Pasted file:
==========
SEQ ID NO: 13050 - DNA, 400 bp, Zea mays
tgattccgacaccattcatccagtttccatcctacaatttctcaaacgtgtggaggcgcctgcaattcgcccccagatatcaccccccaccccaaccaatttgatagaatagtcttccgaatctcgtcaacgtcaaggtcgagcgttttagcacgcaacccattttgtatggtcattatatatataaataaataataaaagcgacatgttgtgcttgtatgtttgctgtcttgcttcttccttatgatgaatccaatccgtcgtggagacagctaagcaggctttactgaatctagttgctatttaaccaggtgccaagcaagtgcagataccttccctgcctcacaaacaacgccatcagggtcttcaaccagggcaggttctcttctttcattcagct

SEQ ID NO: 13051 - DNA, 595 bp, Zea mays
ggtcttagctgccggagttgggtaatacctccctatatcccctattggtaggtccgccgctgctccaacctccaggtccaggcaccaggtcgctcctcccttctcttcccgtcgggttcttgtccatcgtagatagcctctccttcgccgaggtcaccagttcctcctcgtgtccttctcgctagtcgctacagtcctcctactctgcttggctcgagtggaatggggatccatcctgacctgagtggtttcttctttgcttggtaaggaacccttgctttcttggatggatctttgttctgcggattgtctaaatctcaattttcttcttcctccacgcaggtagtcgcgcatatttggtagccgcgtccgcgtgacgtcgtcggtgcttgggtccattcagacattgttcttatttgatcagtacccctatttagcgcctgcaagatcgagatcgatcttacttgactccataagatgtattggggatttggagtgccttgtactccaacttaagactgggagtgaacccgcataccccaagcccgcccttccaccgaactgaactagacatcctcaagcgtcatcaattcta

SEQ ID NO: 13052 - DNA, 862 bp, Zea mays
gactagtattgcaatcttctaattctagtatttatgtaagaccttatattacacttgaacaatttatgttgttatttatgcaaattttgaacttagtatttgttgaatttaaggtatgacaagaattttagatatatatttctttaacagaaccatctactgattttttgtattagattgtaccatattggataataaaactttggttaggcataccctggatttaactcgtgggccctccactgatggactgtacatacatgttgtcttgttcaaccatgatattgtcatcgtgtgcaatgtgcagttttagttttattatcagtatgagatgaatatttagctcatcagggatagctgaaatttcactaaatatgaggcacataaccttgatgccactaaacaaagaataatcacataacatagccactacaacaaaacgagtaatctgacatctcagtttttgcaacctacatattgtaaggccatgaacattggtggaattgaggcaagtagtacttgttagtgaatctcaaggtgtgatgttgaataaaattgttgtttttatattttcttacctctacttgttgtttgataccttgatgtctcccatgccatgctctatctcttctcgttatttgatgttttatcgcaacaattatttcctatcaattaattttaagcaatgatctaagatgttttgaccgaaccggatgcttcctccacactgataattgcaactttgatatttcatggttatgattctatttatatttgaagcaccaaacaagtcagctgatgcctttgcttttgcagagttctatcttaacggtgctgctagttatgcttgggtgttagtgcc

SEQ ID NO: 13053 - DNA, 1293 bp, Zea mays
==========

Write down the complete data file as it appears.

SEQ ID NO: 13050 - DNA, 400 bp, Zea mays
tgattccgacaccattcatccagtttccatcctacaatttctcaaacgtgtggaggcgcctgcaattcgcccccagatatcaccccccaccccaaccaatttgatagaatagtcttccgaatctcgtcaacgtcaaggtcgagcgttttagcacgcaacccattttgtatggtcattatatatataaataaataataaaagcgacatgttgtgcttgtatgtttgctgtcttgcttcttccttatgatgaatccaatccgtcgtggagacagctaagcaggctttactgaatctagttgctatttaaccaggtgccaagcaagtgcagataccttccctgcctcacaaacaacgccatcagggtcttcaaccagggcaggttctcttctttcattcagct

SEQ ID NO: 13051 - DNA, 595 bp, Zea mays
ggtcttagctgccggagttgggtaatacctccctatatcccctattggtaggtccgccgctgctccaacctccaggtccaggcaccaggtcgctcctcccttctcttcccgtcgggttcttgtccatcgtagatagcctctccttcgccgaggtcaccagttcctcctcgtgtccttctcgctagtcgctacagtcctcctactctgcttggctcgagtggaatggggatccatcctgacctgagtggtttcttctttgcttggtaaggaacccttgctttcttggatggatctttgttctgcggattgtctaaatctcaattttcttcttcctccacgcaggtagtcgcgcatatttggtagccgcgtccgcgtgacgtcgtcggtgcttgggtccattcagacattgttcttatttgatcagtacccctatttagcgcctgcaagatcgagatcgatcttacttgactccataagatgtattggggatttggagtgccttgtactccaacttaagactgggagtgaacccgcataccccaagcccgcccttccaccgaactgaactagacatcctcaagcgtcatcaattcta

SEQ ID NO: 13052 - DNA, 862 bp, Zea mays
gactagtattgcaatcttctaattctagtatttatgtaagaccttatattacacttgaacaatttatgttgttatttatgcaaattttgaacttagtatttgttgaatttaaggtatgacaagaattttagatatatatttctttaacagaaccatctactgattttttgtattagattgtaccatattggataataaaactttggttaggcataccctggatttaactcgtgggccctccactgatggactgtacatacatgttgtcttgttcaaccatgatattgtcatcgtgtgcaatgtgcagttttagttttattatcagtatgagatgaatatttagctcatcagggatagctgaaatttcactaaatatgaggcacataaccttgatgccactaaacaaagaataatcacataacatagccactacaacaaaacgagtaatctgacatctcagtttttgcaacctacatattgtaaggccatgaacattggtggaattgaggcaagtagtacttgttagtgaatctcaaggtgtgatgttgaataaaattgttgtttttatattttcttacctctacttgttgtttgataccttgatgtctcccatgccatgctctatctcttctcgttatttgatgttttatcgcaacaattatttcctatcaattaattttaagcaatgatctaagatgttttgaccgaaccggatgcttcctccacactgataattgcaactttgatatttcatggttatgattctatttatatttgaagcaccaaacaagtcagctgatgcctttgcttttgcagagttctatcttaacggtgctgctagttatgcttgggtgttagtgcc

SEQ ID NO: 13053 - DNA, 1293 bp, Zea mays